This week, I finally had the time to test out some of the ideas I've been pondering for several weeks - can I heat acrylic so that it takes the shape of the folded surface, and how thick can the acrylic be? What will create a more interesting contrast with concrete; opaque or transparent acrylic? Will the vacuum forming machine be able to cope with the depth of a cube and how much surface detail will it hold? If I add lines of strata to the vertical surfaces of my cubes will they 'fight with' and detract from the upper folded surface, or compliment it? If I use Stuart Semple's Black 3.0 on a plaster cube will the vertical sides disappear and the surface appear to 'float'?
The results of all these tests were mixed, some unsuccessful, some unexpected and one was far too successful (the vacuum machine). Posed questions were often answered in an unexpected way or created results that led my thoughts off in new and unexpected directions.
It was transition week for my sculptural porcelain - moving from the 'Shades of Clay' exhibition at the Kunsthuis Gallery to the new hanging at the Village Gallery in York.
In preparation for the Village Gallery, I had created new pieces of work that needed framing or bases making, but the unexpected, and very pleasing news, that the Kunsthuis Gallery wanted to continue displaying my artwork beyond the end of the exhibition, meant I was faced with a mad rush to create more new work (which would also need framing).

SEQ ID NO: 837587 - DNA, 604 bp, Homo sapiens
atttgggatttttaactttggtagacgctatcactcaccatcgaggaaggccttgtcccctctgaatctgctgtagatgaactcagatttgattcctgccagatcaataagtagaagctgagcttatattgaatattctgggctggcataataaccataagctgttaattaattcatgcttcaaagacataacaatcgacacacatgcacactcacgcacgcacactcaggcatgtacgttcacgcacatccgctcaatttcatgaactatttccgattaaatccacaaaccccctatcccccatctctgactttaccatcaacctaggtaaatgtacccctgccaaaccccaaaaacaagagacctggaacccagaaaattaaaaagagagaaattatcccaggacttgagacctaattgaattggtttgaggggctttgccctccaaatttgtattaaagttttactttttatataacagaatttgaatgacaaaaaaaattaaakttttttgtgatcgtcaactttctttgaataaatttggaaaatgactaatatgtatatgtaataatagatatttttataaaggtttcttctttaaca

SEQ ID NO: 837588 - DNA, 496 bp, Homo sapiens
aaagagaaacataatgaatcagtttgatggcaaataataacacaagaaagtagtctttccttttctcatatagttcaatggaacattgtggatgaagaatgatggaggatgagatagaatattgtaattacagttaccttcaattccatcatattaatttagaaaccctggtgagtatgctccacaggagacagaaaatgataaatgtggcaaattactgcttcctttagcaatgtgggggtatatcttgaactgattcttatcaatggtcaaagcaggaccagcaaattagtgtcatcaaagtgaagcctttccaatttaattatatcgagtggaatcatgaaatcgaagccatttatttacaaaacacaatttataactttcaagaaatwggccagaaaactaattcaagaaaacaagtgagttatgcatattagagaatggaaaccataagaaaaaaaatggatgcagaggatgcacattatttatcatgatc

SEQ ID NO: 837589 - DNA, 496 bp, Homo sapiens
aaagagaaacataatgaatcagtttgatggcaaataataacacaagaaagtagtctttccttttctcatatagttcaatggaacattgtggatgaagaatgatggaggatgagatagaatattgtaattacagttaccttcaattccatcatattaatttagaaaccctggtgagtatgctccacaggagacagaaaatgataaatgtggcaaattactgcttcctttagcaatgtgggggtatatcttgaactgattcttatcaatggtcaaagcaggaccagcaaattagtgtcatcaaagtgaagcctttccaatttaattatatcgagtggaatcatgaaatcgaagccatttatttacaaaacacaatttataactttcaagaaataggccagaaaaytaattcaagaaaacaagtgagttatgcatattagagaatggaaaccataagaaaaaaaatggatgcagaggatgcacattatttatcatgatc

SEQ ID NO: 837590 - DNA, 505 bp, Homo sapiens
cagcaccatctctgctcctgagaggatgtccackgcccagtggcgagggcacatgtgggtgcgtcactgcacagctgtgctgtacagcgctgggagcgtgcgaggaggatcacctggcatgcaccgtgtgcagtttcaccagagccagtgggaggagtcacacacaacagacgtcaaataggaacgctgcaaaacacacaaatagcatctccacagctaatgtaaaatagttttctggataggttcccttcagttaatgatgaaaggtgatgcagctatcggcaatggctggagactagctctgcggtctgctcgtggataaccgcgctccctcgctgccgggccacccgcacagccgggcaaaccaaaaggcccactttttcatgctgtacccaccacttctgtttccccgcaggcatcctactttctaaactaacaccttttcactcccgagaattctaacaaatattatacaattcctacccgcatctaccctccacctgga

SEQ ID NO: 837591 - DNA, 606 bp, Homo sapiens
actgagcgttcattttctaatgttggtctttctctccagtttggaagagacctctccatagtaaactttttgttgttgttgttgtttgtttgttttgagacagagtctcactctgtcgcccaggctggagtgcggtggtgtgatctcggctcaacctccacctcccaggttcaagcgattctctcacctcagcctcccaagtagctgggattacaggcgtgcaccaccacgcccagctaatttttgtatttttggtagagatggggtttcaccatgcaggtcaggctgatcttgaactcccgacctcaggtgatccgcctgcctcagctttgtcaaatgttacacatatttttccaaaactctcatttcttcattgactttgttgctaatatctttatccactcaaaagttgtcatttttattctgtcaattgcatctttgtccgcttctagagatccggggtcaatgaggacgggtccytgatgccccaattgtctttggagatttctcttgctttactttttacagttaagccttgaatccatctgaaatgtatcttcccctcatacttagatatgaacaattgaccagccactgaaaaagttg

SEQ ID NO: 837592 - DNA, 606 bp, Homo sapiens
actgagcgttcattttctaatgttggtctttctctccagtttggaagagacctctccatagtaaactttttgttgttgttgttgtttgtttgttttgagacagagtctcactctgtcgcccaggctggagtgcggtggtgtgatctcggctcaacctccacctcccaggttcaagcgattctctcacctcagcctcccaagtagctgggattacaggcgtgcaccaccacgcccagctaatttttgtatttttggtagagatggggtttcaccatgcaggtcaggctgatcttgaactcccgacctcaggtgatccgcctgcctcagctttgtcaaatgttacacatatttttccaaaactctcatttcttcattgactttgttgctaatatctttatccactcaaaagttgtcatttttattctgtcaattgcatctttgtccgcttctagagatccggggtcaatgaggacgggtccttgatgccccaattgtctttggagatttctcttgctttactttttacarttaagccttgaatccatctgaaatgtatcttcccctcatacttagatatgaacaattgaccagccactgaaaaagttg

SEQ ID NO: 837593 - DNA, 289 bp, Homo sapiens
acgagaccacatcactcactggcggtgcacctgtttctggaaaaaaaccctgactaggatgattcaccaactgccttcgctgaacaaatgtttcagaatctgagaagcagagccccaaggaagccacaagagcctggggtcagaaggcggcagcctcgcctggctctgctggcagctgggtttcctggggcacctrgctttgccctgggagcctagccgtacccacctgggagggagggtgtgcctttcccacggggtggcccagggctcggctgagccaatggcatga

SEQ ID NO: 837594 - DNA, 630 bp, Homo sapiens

Consequently, last week I made, from scratch, eleven floating shadow frames, ebonised bases for three sculptures, developed a new colour palette and made three new pieces of work. It took several 10 hour days, a lot of wood and my taking over the Mixed Media Room at College for a framing production line. By the end of the week I had an aching back, aching legs and some lovely new work to drop off with Simon at the Village Gallery. The work will be on display in the gallery from 28 January, please call in and have a look.
I'm really grateful to the staff at York College for letting me take over the room. I honestly don't think I could have managed it on my kitchen tale, without several meltdowns.
Because of the rush, I didn't get time to take the greatest of photos, but you can see sculptural wall pieces, the new pastel blues, deeper richer blues, a surprise development into strong orange, brown and yellow and a shelf-sized, scaled down version of my final degree show cubes, showing surface distortion in concrete.